Typically in lessons, I'll start with a discussion, video and content slides, followed by a choice of activities for the students to complete based on the content presented. The most popular choice among students is Education Perfect, an online school-subscription-based learning platform, but I also assign tasks from Khan Academy, BBC, MathSpace, other websites, the textbook, questions for their personal research, problems written on my slides (which I upload for when I'm not displaying them), paper worksheets, collaborative tasks to fill in a table or make a short presentation, YouTube videos, or even time to work on longer-term assignments. I find that having lots of options avoids students doing nothing because they think they're finished, complaints about the work being boring, complaints around difficulty, or zoning out to other things. One problem I find, though is that students can sometimes not be working on today's topic because they're still trying to continue on a choice from last week, so communication with students is key. I use Google Classroom as a platform to put these student choices on, which they can access by their Chromebooks. This works for me in Year 7-10 science and mathematics in Australia but would need adjustment for other groups.

Vivianna Caballero Vivianna Caballero 335 Points

On the topic of homework, I do agree in assigning it. I feel that it allows for continuous learning once outside of the classroom and to apply the knowledge they have gained from the lesson outside of the lesson as well. Whether it be a packet, a worksheet, or a series of questions is all up to the lesson, grade and classroom arrangement. As a future Special Education teacher, I do not think a packet would work best for my future students because they may or may not be able to handle a large assignment all in one setting. Worksheets or providing pieces of packets over the course of the week may work best.

Karina Redondo Karina Redondo 2410 Points

Hi, I am a prospective teacher and I do believe that assigning homework is important. For the younger students I would assign a packet so that parents/guardians are able to keep track of their child's school work. I would focus on all subject areas as I believe they are each equally important. As for the higher grade levels, I would assign homework daily and add any necessary assignments I feel need to be worked on as the day progresses. I would definitely thoroughly check and grade homework assignments as that is where I will se where my students need further work and explanation on any given topic.

Pamela Dupre Pamela Dupre 92369 Points

I appreciate your viewpoint, Karina. What are you basing your homework policies on? I always try to limit homework and especially in relation to younger children. Families with young children need time to be together after school and work that do not involve homework that might cause frustration and discord. As a teacher and a parent I detest homework packets. Homework packets equal 'busywork.' If the child can't do it on their own, it is being taught by the parent. In this age of technology, there has to be a more creative approach to connecting with school than homework packets.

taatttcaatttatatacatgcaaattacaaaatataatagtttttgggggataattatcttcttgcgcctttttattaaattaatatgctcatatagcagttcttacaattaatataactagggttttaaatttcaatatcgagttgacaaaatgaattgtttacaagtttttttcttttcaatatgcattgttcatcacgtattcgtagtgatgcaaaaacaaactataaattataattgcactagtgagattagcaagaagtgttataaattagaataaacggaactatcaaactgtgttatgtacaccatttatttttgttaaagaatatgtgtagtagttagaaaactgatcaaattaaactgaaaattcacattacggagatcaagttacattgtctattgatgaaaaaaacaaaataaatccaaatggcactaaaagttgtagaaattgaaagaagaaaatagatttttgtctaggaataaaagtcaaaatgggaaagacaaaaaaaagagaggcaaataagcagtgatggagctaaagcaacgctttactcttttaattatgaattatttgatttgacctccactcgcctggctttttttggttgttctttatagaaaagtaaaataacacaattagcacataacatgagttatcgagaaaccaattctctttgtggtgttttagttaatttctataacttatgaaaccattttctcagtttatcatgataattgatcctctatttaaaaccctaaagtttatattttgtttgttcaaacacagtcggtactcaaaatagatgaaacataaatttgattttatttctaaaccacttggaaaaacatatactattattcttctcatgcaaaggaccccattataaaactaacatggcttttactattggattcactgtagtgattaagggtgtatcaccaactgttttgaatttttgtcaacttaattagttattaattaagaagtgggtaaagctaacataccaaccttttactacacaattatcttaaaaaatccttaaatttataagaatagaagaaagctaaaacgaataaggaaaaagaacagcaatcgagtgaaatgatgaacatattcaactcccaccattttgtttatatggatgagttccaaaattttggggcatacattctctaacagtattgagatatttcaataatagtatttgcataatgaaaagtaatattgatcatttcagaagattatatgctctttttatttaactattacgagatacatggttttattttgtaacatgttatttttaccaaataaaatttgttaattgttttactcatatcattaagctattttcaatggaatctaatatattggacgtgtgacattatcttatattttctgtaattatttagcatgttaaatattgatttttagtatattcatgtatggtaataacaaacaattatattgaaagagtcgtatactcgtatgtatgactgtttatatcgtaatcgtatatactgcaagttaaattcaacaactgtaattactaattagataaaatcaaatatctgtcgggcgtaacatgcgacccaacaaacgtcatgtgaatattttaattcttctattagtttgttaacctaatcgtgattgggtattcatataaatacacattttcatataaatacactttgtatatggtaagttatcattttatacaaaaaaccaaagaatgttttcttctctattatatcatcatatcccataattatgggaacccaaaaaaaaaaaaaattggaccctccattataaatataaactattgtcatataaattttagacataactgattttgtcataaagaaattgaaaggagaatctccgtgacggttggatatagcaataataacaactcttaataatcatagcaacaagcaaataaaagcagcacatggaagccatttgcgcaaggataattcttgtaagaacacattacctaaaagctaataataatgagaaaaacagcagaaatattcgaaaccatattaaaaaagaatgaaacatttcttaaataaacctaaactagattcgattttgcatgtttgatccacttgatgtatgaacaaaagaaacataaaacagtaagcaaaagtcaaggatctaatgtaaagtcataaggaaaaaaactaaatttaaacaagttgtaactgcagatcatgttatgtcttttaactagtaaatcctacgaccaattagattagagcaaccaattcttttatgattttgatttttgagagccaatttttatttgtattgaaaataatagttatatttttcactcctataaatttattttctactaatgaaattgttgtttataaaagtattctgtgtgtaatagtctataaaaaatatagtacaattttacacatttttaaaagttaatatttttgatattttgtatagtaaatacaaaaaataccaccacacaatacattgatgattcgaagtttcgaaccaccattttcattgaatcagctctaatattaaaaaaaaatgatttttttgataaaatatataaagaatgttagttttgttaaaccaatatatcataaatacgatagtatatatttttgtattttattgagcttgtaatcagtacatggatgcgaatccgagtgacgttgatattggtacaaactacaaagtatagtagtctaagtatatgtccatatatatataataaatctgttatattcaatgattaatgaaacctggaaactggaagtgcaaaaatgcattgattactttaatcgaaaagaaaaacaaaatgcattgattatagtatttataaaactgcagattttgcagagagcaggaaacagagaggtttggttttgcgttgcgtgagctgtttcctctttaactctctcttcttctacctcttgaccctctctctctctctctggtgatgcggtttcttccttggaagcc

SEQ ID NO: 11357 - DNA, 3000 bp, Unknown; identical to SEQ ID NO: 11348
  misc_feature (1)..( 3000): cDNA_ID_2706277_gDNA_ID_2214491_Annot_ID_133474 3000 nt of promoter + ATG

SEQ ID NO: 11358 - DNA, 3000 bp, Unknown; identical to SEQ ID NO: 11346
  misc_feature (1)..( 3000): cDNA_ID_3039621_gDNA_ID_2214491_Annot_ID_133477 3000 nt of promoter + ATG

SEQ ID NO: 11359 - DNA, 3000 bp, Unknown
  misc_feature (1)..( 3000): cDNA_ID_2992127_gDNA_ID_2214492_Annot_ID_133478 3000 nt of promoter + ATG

Hussein Pacha Hussein Pacha 795 Points

Everyone, Homework has been a spark of much debate, as of late. From what I have observed in the field is that most teachers do give homework, especially in math and reading. For some, they give homework to appease parents. Parents are of the mindset that if a teacher does not assign some type of homework, what is their child really learning. Also, it keeps parents involved and relieved. There is benefit to it. In terms of there actually being a benefit to homework, I do see benefit for it when it comes to math. To become proficient in math, it requires much practice. I believe assigning math homework that goes over past units/lessons is important to make sure students do not forget what they have covered. Most units/lessons do not go over past units, so it is key that students still practice old things they have learned. When it comes to reading, for me, I believe assigning a reading log so students make sure they read a set amount of time every night and to have parents sign off on it. When it comes to science, assigning projects or having students do something related to what they are going to cover or cover can be assigned. When it comes to social studies, which is been left on the back-burner, I cannot really say. Now, can teachers verify if the student actually completed it on their own or if their parents did it for them? You can never really know. But, over the course of the year, you will get to know your students and what they are truly about. You can tell whether work has been done by them or not. Going over last night's homework for the first 5-10 minutes can be done as a warm-up. In terms of grading homework, I believe a simple check or extra credit can be given. A reward of some type, as well. Homework teaches responsibility and teaches students they are also workers in a kind of way. This is just my take from what I have observed in the field and from teachers I have spoken to.